Much of that success, his family said, came about because of a momentous event in Mr. Austin's personal life — his 1959 marriage to Beverly Hartsell.

"He said he could not have done any of what he accomplished without her," said Nelson Guagliardo, Mr. Nelson's son-in-law and vice president of the A.S. Austin Co. It was Beverly, Guagliardo said, who urged Mr. Austin to shed his social reticence and engage the public.

According to his son-in-law, Mr. Austin "was a very shy man in his early 30s."

"She was the one who said, 'Hey, you've had great success. You need to give back,' " Guagliardo said. "So they gave back to the community which they felt was the greatest place to live on earth."

Along with the shyness, Mr. Austin exhibited another trait some might not have predicted: a love of speed. In the 1980s, he was known to get his red Ferrari up to 130 mph. He liked his cars fast or elegant (he was also fond of Porsches and Bentleys) and his food simple. A night out at Bob Evans was high dining enough.

His quiet persistence hadn't changed since Mr. Austin became a go-to leader for Tampa. Over the years, he worked to stave off cuts to MacDill Air Force Base, served a dozen years as head of the board that runs Tampa International Airport and led the board of the University of Tampa.

Al and Beverly Austin also chaired the university's first comprehensive capital campaign, an ambitious $84-million renewal that added endowments to the school's college of business and Center for Ethics and underwrote the nine-story Vaughn Center, the multipurpose hub of student activity.

"I've been here for 25 years," said Dan Gura, UT's vice president of development, "and if I turned around and they weren't at an event or a meeting it was, 'Where's Al?' "

As for the Republican Party, Austin once told the Tampa Bay Times that he raised "probably a couple hundred million" dollars for local, state and national politicians who shared his beliefs. He was a delegate or an alternate at every GOP convention since 1972 and was chairman of the local host committee that brought international attention to Tampa in August 2012 with the Republican convention that nominated Mitt Romney for president.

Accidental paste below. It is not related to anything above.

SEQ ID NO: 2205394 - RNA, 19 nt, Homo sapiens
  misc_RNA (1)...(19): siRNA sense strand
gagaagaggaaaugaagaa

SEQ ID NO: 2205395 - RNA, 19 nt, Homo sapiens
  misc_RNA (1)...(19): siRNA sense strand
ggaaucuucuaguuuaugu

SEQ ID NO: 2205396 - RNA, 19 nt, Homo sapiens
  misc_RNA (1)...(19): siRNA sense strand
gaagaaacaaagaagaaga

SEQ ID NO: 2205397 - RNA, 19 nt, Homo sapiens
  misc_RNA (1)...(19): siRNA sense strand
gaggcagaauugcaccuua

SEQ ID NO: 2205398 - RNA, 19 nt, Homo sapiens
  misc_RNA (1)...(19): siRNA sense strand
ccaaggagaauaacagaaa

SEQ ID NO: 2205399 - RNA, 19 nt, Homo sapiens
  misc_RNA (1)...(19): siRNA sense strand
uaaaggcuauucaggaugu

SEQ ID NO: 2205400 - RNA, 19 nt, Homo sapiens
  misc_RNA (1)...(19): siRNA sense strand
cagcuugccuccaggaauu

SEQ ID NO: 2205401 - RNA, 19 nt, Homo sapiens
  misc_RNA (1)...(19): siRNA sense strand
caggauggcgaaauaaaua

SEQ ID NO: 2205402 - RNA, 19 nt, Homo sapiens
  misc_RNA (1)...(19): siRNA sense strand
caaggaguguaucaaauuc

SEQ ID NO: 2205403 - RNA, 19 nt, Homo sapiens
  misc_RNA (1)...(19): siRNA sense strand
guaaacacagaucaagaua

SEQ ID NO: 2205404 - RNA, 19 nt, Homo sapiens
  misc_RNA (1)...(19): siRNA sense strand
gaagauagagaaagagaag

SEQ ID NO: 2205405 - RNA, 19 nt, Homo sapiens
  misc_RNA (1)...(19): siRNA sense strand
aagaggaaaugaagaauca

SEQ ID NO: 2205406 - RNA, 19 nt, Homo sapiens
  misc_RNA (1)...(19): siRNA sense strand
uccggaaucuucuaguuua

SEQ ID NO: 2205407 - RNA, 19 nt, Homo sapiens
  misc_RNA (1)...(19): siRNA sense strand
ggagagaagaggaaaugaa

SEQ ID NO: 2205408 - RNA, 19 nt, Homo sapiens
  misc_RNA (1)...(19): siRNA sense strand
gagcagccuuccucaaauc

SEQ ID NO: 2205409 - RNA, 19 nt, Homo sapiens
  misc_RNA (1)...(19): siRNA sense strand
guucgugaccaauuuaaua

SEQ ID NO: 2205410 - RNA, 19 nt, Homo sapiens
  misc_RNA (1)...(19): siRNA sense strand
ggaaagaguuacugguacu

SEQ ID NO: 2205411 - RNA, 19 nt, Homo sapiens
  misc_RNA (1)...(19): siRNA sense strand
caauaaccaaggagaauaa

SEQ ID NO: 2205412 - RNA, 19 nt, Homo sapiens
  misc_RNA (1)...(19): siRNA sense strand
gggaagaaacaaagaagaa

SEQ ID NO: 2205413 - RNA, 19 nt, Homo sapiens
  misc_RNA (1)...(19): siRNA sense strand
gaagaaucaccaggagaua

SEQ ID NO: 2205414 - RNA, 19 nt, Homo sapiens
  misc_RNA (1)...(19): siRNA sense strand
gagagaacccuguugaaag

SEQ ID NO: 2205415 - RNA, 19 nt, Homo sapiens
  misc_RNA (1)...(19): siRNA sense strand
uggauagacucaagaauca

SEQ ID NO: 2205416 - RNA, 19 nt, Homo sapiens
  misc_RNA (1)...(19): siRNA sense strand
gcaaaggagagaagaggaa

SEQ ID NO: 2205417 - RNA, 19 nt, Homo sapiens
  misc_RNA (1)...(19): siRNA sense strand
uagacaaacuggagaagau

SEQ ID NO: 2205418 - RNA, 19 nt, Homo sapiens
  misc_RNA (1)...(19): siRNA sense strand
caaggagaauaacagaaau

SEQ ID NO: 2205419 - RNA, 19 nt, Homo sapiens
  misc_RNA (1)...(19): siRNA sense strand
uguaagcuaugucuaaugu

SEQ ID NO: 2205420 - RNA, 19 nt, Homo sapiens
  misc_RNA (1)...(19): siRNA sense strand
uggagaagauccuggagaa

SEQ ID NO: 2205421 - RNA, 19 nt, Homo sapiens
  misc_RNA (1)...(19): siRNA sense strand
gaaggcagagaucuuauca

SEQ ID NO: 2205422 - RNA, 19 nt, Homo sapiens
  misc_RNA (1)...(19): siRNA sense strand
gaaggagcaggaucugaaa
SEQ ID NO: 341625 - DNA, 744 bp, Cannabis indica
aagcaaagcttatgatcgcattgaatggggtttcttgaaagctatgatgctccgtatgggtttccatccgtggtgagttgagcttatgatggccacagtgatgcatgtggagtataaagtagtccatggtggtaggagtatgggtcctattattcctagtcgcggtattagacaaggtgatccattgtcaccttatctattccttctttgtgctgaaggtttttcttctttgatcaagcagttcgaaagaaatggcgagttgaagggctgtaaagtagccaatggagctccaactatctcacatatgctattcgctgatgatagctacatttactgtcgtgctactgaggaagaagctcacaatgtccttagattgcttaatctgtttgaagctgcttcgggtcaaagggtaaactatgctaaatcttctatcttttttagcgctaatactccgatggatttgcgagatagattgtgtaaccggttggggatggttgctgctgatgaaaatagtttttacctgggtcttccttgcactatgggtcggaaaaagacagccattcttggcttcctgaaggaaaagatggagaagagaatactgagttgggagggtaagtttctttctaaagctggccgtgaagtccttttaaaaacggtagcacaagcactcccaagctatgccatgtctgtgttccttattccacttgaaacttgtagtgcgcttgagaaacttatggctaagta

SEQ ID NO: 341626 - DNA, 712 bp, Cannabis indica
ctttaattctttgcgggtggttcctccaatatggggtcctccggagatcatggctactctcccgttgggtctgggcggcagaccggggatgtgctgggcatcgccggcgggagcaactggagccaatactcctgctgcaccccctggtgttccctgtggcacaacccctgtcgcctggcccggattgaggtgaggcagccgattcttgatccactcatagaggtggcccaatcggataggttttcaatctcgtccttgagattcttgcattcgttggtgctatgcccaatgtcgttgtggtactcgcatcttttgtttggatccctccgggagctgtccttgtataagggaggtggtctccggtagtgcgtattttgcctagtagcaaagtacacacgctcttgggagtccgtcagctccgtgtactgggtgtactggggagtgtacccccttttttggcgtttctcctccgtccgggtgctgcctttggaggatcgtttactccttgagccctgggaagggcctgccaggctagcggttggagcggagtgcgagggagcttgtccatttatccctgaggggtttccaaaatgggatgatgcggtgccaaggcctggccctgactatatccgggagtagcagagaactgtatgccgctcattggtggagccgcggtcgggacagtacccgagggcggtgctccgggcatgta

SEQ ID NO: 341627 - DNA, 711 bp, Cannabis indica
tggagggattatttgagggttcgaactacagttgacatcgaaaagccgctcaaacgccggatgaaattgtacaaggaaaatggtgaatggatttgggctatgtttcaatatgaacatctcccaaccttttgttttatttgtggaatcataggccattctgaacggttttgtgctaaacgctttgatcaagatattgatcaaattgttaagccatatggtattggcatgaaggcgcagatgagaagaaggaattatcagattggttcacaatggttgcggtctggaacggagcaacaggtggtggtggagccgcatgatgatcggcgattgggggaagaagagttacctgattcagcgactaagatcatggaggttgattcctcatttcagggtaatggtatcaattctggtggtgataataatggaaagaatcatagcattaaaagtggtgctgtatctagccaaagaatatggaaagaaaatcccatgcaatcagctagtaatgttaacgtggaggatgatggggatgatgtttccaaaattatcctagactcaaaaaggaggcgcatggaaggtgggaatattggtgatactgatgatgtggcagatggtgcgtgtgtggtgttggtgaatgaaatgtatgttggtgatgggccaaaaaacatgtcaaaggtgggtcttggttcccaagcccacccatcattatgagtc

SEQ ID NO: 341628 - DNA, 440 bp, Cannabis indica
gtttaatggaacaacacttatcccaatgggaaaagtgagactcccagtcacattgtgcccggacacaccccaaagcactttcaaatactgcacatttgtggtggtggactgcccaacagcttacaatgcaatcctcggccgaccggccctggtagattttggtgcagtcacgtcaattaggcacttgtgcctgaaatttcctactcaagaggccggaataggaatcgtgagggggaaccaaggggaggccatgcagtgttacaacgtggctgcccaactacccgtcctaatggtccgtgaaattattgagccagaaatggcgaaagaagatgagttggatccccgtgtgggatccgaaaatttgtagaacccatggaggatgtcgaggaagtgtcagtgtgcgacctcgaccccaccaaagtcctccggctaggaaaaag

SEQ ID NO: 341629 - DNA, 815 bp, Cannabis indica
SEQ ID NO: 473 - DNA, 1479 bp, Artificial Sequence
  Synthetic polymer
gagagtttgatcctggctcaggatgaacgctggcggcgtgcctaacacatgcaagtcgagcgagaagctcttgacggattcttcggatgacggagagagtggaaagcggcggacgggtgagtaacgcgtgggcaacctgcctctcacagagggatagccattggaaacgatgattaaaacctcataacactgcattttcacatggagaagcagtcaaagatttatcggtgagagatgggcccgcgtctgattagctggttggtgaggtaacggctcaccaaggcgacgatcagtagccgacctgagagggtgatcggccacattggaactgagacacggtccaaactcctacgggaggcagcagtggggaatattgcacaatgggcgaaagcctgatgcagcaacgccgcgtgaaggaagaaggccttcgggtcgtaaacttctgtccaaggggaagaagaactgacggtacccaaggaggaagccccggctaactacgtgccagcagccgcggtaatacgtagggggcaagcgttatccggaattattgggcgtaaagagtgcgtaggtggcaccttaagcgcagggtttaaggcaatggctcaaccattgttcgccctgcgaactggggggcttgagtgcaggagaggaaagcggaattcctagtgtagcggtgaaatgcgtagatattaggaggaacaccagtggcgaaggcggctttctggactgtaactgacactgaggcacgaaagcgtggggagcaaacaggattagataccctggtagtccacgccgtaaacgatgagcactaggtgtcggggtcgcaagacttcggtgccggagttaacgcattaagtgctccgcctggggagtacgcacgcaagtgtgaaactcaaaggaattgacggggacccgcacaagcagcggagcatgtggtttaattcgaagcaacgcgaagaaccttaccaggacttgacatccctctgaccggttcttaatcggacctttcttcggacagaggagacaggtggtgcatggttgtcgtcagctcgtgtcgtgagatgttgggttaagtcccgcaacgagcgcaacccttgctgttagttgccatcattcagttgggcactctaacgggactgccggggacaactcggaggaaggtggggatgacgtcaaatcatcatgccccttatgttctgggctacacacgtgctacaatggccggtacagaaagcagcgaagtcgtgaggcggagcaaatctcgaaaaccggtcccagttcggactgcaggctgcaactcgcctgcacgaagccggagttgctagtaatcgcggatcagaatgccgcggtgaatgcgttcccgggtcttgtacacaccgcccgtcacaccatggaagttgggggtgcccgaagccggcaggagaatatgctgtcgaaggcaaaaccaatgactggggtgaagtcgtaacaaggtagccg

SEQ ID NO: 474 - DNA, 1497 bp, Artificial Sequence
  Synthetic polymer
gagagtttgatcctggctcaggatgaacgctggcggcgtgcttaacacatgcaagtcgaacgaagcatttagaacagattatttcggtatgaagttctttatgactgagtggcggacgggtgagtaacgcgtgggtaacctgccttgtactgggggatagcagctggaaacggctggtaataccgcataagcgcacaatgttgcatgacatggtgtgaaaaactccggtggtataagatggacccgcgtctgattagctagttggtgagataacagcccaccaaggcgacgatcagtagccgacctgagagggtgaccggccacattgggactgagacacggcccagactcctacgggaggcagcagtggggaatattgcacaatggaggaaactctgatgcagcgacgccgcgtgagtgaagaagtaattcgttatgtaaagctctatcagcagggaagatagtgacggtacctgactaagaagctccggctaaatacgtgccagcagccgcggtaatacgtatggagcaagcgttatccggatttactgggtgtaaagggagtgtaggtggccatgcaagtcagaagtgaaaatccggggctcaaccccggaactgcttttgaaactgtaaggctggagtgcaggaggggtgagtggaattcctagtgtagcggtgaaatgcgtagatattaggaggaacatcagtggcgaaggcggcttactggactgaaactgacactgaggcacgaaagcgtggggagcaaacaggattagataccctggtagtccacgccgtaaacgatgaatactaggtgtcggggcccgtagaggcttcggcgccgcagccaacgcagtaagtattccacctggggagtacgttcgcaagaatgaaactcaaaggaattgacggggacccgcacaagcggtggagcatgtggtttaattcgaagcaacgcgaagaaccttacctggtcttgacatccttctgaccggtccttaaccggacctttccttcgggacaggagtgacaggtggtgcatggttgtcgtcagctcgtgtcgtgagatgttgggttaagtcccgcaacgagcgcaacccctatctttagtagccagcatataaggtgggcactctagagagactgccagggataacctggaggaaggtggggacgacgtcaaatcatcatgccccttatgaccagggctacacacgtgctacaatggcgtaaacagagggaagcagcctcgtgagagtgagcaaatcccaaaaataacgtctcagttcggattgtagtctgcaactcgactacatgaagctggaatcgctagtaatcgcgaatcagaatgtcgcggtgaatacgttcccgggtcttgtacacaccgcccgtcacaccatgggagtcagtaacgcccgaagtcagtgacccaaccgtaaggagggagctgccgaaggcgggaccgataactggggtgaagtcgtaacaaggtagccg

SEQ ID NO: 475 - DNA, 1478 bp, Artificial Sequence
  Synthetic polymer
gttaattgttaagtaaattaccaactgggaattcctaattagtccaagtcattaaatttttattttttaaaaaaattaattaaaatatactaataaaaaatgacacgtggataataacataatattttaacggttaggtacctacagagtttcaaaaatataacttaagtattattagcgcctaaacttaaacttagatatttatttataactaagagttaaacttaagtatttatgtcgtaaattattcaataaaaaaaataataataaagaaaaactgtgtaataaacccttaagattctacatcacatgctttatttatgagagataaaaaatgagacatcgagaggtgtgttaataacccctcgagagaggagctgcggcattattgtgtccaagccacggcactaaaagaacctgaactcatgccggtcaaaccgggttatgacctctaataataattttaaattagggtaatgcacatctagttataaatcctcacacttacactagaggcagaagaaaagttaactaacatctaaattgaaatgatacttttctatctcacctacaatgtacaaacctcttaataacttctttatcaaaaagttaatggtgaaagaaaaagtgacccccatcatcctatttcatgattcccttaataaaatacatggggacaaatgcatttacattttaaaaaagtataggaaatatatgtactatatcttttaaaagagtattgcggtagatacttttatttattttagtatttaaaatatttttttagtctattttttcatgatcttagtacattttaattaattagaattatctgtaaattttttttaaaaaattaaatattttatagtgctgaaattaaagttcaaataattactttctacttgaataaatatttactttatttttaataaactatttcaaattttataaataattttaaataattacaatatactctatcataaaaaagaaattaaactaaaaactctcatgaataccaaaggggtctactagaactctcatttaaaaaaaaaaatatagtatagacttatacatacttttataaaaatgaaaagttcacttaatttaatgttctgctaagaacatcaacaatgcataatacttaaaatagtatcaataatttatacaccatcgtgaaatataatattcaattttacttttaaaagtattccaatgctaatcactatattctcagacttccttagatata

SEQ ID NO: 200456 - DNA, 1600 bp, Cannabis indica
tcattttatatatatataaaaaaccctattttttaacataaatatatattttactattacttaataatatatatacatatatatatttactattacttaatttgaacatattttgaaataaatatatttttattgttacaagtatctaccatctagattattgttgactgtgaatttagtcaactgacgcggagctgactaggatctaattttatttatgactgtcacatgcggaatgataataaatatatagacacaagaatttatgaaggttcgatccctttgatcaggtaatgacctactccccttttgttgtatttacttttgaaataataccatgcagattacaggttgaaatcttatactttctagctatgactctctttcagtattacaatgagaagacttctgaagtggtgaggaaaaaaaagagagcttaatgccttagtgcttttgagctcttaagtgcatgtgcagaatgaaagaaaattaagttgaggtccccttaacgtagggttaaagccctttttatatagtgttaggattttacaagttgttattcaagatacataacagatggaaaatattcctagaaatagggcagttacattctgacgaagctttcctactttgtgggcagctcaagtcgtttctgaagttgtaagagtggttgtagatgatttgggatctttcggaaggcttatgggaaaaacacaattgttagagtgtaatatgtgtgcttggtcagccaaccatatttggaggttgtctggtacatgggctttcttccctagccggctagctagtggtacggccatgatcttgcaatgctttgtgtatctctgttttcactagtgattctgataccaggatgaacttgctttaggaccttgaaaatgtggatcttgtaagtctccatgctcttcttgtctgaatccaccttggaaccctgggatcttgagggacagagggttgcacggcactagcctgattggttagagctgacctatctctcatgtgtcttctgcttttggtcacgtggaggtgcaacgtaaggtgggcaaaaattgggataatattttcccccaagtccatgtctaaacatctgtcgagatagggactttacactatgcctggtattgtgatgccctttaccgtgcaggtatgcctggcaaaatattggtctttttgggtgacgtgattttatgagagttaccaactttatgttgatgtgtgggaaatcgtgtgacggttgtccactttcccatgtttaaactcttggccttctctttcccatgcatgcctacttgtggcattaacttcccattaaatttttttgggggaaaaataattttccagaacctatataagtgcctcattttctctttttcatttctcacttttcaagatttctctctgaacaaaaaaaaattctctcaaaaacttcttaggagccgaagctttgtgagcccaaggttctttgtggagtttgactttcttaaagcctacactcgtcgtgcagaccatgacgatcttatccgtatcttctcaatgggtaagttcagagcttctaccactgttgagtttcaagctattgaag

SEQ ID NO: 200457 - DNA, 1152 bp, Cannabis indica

He had worked just as hard to bring the GOP convention to Tampa in 2004 and 2008, losing to New York City and Minneapolis.

"He was turned down not once but twice, but he never gave up," said Mel Sembler, the St. Petersburg developer and GOP fundraiser. "The third time he accomplished his goal."

Doing so was Mr. Austin's proudest accomplishment.

"What I would really want to highlight about Al Austin is his tenacity," said former Tampa Mayor Pam Iorio. "When he decided that we were a large enough community to host the Republican National Convention, he simply was not going to quit until it was done. Period."

Austin also showed leadership as a prostate cancer survivor. Diagnosed in 2002, he joined Gen. Norman Schwarzkopf, banker Bob Samuels and others in supporting the National Prostate Cancer Coalition. He urged other men to take stock of a subject many tended to avoid and get prostate screenings.

Because Mr. Austin was so active, no one saw his death coming. As usual, he had spent Wednesday at work, where Sembler said he was planning a new real estate project in the West Shore area.

"He has given back to this community and to this country every day that I've known him," said Greco. "If everybody just did a little bit of what Al Austin did, this community would be a better place."

Times staff writers Adam C. Smith, Philip Morgan, Alex Leary, Jeff Harrington, Julie Kliegman, Steve Bousquet, Amy Scherzer and Times researcher Carolyn Edds contributed to this report.

Editor's note

This story has been changed to reflect the following correction: Tampa businessman Al Austin spearheaded development of the West Shore business district but was not the developer of the WestShore Plaza shopping mall. A story Friday about Austin's death was incorrect.